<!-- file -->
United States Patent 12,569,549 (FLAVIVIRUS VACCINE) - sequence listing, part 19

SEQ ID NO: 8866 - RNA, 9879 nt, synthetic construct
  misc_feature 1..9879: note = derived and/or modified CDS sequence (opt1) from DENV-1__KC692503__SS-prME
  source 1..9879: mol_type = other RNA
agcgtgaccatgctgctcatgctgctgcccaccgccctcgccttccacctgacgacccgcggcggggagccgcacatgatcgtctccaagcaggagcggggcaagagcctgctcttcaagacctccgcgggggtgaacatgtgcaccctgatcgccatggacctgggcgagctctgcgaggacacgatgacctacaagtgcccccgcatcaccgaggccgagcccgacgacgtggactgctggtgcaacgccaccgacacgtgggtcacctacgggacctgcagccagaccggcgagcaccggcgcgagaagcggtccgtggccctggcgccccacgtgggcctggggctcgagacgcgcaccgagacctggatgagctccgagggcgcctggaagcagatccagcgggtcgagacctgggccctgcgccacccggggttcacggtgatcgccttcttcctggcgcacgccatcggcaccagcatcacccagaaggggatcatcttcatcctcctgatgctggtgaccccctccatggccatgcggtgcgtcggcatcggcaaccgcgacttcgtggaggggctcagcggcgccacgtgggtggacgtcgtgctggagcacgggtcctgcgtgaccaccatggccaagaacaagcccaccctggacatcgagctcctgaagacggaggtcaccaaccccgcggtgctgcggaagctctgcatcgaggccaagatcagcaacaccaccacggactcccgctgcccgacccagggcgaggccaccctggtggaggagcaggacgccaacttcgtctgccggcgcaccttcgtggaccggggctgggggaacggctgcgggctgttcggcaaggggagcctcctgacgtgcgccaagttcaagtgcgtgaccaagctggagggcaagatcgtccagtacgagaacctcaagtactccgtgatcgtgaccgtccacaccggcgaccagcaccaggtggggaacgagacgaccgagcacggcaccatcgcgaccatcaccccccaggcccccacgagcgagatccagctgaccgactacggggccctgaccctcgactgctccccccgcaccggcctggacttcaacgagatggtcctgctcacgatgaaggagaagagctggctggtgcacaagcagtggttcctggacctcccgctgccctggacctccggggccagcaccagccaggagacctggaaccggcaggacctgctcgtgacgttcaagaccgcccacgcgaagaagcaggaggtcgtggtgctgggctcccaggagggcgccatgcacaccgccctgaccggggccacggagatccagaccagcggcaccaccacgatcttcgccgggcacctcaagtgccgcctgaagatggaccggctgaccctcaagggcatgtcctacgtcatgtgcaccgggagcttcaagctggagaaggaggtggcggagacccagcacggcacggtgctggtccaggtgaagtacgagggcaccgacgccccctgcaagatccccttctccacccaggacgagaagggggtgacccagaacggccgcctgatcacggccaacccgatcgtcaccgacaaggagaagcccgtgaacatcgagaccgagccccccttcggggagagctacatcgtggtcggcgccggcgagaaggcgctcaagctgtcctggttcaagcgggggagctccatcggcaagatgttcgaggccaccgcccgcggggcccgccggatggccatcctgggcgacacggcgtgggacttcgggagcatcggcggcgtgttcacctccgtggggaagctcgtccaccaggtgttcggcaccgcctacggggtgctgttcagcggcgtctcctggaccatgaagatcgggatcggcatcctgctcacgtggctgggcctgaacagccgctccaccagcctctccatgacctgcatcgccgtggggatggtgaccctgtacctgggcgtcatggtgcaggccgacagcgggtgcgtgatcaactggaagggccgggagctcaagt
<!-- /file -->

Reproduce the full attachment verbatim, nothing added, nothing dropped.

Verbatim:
United States Patent 12,569,549 (FLAVIVIRUS VACCINE) - sequence listing, part 19

SEQ ID NO: 8866 - RNA, 9879 nt, synthetic construct
  misc_feature 1..9879: note = derived and/or modified CDS sequence (opt1) from DENV-1__KC692503__SS-prME
  source 1..9879: mol_type = other RNA
agcgtgaccatgctgctcatgctgctgcccaccgccctcgccttccacctgacgacccgcggcggggagccgcacatgatcgtctccaagcaggagcggggcaagagcctgctcttcaagacctccgcgggggtgaacatgtgcaccctgatcgccatggacctgggcgagctctgcgaggacacgatgacctacaagtgcccccgcatcaccgaggccgagcccgacgacgtggactgctggtgcaacgccaccgacacgtgggtcacctacgggacctgcagccagaccggcgagcaccggcgcgagaagcggtccgtggccctggcgccccacgtgggcctggggctcgagacgcgcaccgagacctggatgagctccgagggcgcctggaagcagatccagcgggtcgagacctgggccctgcgccacccggggttcacggtgatcgccttcttcctggcgcacgccatcggcaccagcatcacccagaaggggatcatcttcatcctcctgatgctggtgaccccctccatggccatgcggtgcgtcggcatcggcaaccgcgacttcgtggaggggctcagcggcgccacgtgggtggacgtcgtgctggagcacgggtcctgcgtgaccaccatggccaagaacaagcccaccctggacatcgagctcctgaagacggaggtcaccaaccccgcggtgctgcggaagctctgcatcgaggccaagatcagcaacaccaccacggactcccgctgcccgacccagggcgaggccaccctggtggaggagcaggacgccaacttcgtctgccggcgcaccttcgtggaccggggctgggggaacggctgcgggctgttcggcaaggggagcctcctgacgtgcgccaagttcaagtgcgtgaccaagctggagggcaagatcgtccagtacgagaacctcaagtactccgtgatcgtgaccgtccacaccggcgaccagcaccaggtggggaacgagacgaccgagcacggcaccatcgcgaccatcaccccccaggcccccacgagcgagatccagctgaccgactacggggccctgaccctcgactgctccccccgcaccggcctggacttcaacgagatggtcctgctcacgatgaaggagaagagctggctggtgcacaagcagtggttcctggacctcccgctgccctggacctccggggccagcaccagccaggagacctggaaccggcaggacctgctcgtgacgttcaagaccgcccacgcgaagaagcaggaggtcgtggtgctgggctcccaggagggcgccatgcacaccgccctgaccggggccacggagatccagaccagcggcaccaccacgatcttcgccgggcacctcaagtgccgcctgaagatggaccggctgaccctcaagggcatgtcctacgtcatgtgcaccgggagcttcaagctggagaaggaggtggcggagacccagcacggcacggtgctggtccaggtgaagtacgagggcaccgacgccccctgcaagatccccttctccacccaggacgagaagggggtgacccagaacggccgcctgatcacggccaacccgatcgtcaccgacaaggagaagcccgtgaacatcgagaccgagccccccttcggggagagctacatcgtggtcggcgccggcgagaaggcgctcaagctgtcctggttcaagcgggggagctccatcggcaagatgttcgaggccaccgcccgcggggcccgccggatggccatcctgggcgacacggcgtgggacttcgggagcatcggcggcgtgttcacctccgtggggaagctcgtccaccaggtgttcggcaccgcctacggggtgctgttcagcggcgtctcctggaccatgaagatcgggatcggcatcctgctcacgtggctgggcctgaacagccgctccaccagcctctccatgacctgcatcgccgtggggatggtgaccctgtacctgggcgtcatggtgcaggccgacagcgggtgcgtgatcaactggaagggccgggagctcaagt